Shouldn't this thread be in the aDNA sub-forum?
    Last edited by blackflash16; 09-22-2017 at 08:32 PM.

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    The Kenya_500BP individual has |Z|>3 indication of Levant_N admixture (relative to Mota), his assigned Y-DNA is E1b1b:

    Kenya_500BP Mota Levant_N Chimp 0.0401 3.643 4219 3894 74432

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    Somalia
    Here are some more d-stats for the Kenyan:
    Kenya_500BP Mota Tanzania_Luxmanda_3000BP Chimp 0.0251 2.038 4060 3861 74507
    Kenya_500BP Mota Somali Chimp 0.0175 2.040 4834 4668 89810
    Kenya_500BP Mota Tanzania_Pemba_700BP Chimp 0.0018 0.139 3277 3265 65242
    Kenya_500BP Mota Masai Chimp 0.0062 0.733 4707 4649 89810
    Tanzania_Pemba_1400BP Mota Levant_N Chimp -0.0184 -1.398 2744 2846 52742
    Tanzania_Luxmanda_3000BP Somali Mota Chimp -0.0090 -1.970 22038 22437 457675
    Tanzania_Luxmanda_3000BP Somali Tanzania_Pemba_1400BP Chimp 0.0169 1.555 2532 2448 51969
    Tanzania_Luxmanda_3000BP Somali Kenya_500BP Chimp 0.0093 1.044 3728 3659 74519
    Tanzania_Luxmanda_3000BP Somali Hadza Chimp -0.0123 -3.509 22149 22700 457767
    Last edited by blackflash16; 09-24-2017 at 03:47 PM.

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  19. #10
    Gold Class Member
    Posts
    184
    Sex
    Ethnicity
    Somali
    Y-DNA (P)
    E-V32

    Somalia
    I uploaded the Luxmanda sample to gedmatch (Kit #: Z626350 ) but I'm not sure I did it right. The calculator results seem to be okay:

    Near East Neolithic K13:

    Admix Results (sorted):

    # Population Percent
    1 SUB_SAHARAN 50.15
    2 NATUFIAN 30.41
    3 ANATOLIA_NEOLITHIC 11.04
    4 IRAN_NEOLITHIC 1.51
    5 EHG 1.43
    6 SHG_WHG 1.41
    7 SIBERIAN 1.36
    8 PAPUAN 1.33
    9 SE_ASIAN 1.23

    Least-squares method.

    Using 1 population approximation:
    1 Somali @ 19.217751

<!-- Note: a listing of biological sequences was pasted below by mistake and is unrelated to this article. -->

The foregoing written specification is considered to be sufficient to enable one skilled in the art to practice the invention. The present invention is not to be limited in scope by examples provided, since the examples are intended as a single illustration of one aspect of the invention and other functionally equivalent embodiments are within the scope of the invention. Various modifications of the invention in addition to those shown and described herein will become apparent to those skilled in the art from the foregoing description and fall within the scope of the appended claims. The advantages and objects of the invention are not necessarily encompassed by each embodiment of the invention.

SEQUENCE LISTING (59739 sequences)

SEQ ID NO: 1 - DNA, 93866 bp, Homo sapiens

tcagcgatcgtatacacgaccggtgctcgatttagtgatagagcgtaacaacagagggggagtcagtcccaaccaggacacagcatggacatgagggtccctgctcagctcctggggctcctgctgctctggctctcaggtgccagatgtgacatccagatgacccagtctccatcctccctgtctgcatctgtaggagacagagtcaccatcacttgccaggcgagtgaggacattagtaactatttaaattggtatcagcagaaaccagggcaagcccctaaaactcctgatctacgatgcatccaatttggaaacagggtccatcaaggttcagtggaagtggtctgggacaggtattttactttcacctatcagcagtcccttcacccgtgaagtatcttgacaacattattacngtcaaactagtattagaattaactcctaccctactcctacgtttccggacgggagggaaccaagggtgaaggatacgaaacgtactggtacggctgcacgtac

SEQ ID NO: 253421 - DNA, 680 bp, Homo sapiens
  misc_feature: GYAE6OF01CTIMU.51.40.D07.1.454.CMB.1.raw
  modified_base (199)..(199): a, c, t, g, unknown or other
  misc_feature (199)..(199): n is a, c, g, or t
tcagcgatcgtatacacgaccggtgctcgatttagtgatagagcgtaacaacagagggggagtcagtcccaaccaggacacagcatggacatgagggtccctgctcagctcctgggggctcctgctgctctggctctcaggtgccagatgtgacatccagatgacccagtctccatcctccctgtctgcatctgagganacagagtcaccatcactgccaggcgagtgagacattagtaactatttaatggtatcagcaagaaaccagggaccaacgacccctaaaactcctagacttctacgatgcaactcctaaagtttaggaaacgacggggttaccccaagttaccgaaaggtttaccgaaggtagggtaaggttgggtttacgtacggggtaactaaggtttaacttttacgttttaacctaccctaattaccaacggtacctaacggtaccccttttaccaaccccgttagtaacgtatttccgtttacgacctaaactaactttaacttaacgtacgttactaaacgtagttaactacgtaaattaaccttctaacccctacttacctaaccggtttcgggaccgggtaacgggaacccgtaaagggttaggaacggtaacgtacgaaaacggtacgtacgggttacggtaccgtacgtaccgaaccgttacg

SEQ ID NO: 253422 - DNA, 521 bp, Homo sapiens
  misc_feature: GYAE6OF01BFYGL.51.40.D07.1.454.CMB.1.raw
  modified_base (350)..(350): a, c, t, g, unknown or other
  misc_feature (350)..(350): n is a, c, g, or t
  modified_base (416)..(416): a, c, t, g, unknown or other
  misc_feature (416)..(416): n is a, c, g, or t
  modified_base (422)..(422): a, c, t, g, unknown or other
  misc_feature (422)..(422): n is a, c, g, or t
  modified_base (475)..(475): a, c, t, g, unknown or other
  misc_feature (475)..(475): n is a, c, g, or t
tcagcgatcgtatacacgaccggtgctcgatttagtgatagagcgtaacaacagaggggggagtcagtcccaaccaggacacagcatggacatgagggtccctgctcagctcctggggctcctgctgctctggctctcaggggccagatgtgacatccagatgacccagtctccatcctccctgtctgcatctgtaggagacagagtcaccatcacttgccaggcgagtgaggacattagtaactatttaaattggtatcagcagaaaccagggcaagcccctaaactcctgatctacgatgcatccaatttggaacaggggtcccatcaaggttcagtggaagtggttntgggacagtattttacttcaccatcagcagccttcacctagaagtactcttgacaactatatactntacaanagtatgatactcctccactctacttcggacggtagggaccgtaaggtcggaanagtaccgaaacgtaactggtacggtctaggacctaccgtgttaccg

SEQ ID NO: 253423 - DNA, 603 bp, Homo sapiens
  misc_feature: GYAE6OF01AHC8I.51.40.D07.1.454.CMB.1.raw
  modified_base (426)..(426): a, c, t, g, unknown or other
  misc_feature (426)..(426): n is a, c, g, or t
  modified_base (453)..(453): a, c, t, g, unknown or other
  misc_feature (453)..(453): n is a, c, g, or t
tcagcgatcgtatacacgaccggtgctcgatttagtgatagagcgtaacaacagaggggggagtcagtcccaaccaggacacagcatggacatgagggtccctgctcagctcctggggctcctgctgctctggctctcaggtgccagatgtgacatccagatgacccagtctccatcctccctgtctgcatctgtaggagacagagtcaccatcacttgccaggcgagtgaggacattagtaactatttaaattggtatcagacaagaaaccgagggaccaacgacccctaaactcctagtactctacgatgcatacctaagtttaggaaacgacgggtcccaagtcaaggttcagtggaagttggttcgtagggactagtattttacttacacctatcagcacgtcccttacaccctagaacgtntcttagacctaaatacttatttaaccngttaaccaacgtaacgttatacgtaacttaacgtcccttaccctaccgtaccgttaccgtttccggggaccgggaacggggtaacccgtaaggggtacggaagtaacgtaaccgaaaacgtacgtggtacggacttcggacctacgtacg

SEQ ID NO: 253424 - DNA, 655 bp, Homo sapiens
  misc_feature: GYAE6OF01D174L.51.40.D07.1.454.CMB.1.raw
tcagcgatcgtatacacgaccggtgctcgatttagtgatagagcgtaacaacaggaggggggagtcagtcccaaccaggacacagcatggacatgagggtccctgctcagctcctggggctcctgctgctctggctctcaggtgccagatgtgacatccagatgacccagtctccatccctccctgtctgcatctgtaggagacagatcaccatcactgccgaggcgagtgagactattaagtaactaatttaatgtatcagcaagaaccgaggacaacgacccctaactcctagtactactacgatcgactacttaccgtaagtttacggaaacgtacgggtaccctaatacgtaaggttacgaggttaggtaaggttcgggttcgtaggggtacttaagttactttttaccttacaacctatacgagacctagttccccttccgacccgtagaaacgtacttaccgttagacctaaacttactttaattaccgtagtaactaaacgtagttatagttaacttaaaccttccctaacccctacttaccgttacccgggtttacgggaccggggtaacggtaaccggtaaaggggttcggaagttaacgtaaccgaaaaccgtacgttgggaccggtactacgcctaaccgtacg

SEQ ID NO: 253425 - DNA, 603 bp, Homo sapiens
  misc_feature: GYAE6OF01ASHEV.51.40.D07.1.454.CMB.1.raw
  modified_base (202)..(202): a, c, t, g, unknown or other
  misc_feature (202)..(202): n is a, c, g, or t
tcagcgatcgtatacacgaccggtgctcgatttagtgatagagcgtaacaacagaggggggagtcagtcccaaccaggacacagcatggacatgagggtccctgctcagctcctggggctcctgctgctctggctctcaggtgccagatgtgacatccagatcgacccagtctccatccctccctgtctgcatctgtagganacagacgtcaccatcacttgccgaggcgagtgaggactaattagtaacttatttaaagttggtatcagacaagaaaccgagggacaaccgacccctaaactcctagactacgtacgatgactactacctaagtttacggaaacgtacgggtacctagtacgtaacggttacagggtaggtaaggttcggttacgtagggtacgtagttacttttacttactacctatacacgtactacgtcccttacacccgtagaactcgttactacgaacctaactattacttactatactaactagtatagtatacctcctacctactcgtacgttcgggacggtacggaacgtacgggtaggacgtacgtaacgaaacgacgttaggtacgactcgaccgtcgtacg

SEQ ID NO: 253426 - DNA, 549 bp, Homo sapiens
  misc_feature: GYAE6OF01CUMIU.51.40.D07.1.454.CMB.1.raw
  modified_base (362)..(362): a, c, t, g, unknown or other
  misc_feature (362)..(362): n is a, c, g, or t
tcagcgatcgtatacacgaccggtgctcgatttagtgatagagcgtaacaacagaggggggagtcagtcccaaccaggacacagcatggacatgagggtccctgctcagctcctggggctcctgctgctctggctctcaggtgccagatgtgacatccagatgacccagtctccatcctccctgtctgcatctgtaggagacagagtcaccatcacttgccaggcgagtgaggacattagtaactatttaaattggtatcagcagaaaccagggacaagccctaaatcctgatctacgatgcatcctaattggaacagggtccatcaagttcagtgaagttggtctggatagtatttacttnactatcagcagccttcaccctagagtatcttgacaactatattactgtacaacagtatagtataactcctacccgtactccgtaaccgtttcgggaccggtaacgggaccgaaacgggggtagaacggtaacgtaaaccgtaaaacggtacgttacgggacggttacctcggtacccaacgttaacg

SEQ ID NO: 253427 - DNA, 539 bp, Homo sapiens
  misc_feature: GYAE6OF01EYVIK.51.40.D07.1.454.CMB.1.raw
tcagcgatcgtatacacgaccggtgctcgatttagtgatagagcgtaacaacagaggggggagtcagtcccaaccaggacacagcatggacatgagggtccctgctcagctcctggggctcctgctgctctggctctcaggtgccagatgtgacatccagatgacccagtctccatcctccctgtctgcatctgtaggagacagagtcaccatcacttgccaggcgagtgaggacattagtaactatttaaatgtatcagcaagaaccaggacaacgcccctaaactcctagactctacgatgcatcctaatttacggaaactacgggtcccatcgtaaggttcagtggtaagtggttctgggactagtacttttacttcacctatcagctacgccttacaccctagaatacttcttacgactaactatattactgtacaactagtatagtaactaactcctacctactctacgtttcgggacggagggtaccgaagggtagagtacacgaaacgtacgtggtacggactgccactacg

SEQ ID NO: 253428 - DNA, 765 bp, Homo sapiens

2 Masai @ 22.123108
    3 Moroccan @ 32.525169
    4 Hadza @ 33.111984
    5 Saharawi @ 33.831158
    6 Algerian @ 36.990288
    7 Mota @ 37.305138
    8 Libyan @ 41.139465
    9 Yemeni @ 42.639397
    10 Egyptian @ 44.120411
    11 BedouinA @ 49.894337
    12 Jordanian @ 53.766560
    13 Palestinian @ 53.870270
    14 Jew_Libyan @ 55.550819
    15 Gambian @ 55.836201
    16 Syrian @ 55.932667
    17 Saudi @ 55.962032
    18 Jew_Yemenite @ 56.303688
    19 Jew_Tunisian @ 56.830215
    20 Lebanese @ 57.033176

    Using 2 populations approximation:
    1 50% Gambian +50% Levant_BA @ 8.558372


    Using 3 populations approximation:
    1 50% Hadza +25% Levant_N +25% Somali @ 5.534059


    Using 4 populations approximation:
    ++++++++++++++++++++++
    1 Hadza + Levant_N + Mota + Somali @ 5.357584
    2 Hadza + Hadza + Levant_N + Somali @ 5.534059
    3 Levant_N + Mota + Mota + Somali @ 5.573419
    4 Gambian + Levant_N + Masai + Somali @ 5.648787
    5 Hadza + Levant_N + Masai + Masai @ 5.673450
    6 Esan + Levant_BA + Masai + Saharawi @ 5.909684
    7 Levant_BA + Masai + Saharawi + Yoruba @ 5.909684
    8 Esan + Hadza + Levant_BA + Saharawi @ 5.969609
    9 Hadza + Levant_BA + Saharawi + Yoruba @ 5.969609
    10 Gambian + Hadza + Levant_BA + Saharawi @ 5.981442
    11 Levant_N + Masai + Masai + Mota @ 6.030968
    12 Levant_N + Masai + Masai + Masai @ 6.082205
    13 Esan + Levant_N + Masai + Somali @ 6.100034
    14 Levant_N + Masai + Somali + Yoruba @ 6.100034
    15 Esan + Hadza + Levant_N + Saharawi @ 6.359837
    16 Hadza + Levant_N + Saharawi + Yoruba @ 6.359837
    17 Gambian + Levant_BA + Masai + Saharawi @ 6.407068
    18 Esan + Hadza + Levant_N + Libyan @ 6.505563
    19 Hadza + Levant_N + Libyan + Yoruba @ 6.505563
    20 Gambian + Hadza + Levant_N + Saharawi @ 6.516825

    Done.

    Elapsed time 0.2023 seconds.

    But the one-to-one comparison doesn't at 50/1:

    Largest segment = 2.3 cM
    Total of segments > 1 cM = 35.2 cM
    27 matching segments
    I'm guessing there's more that has to be done to the files before uploading for one-to-one comparisons (rather than simply converting to 23andMe format).
    Last edited by blackflash16; 09-24-2017 at 11:28 PM.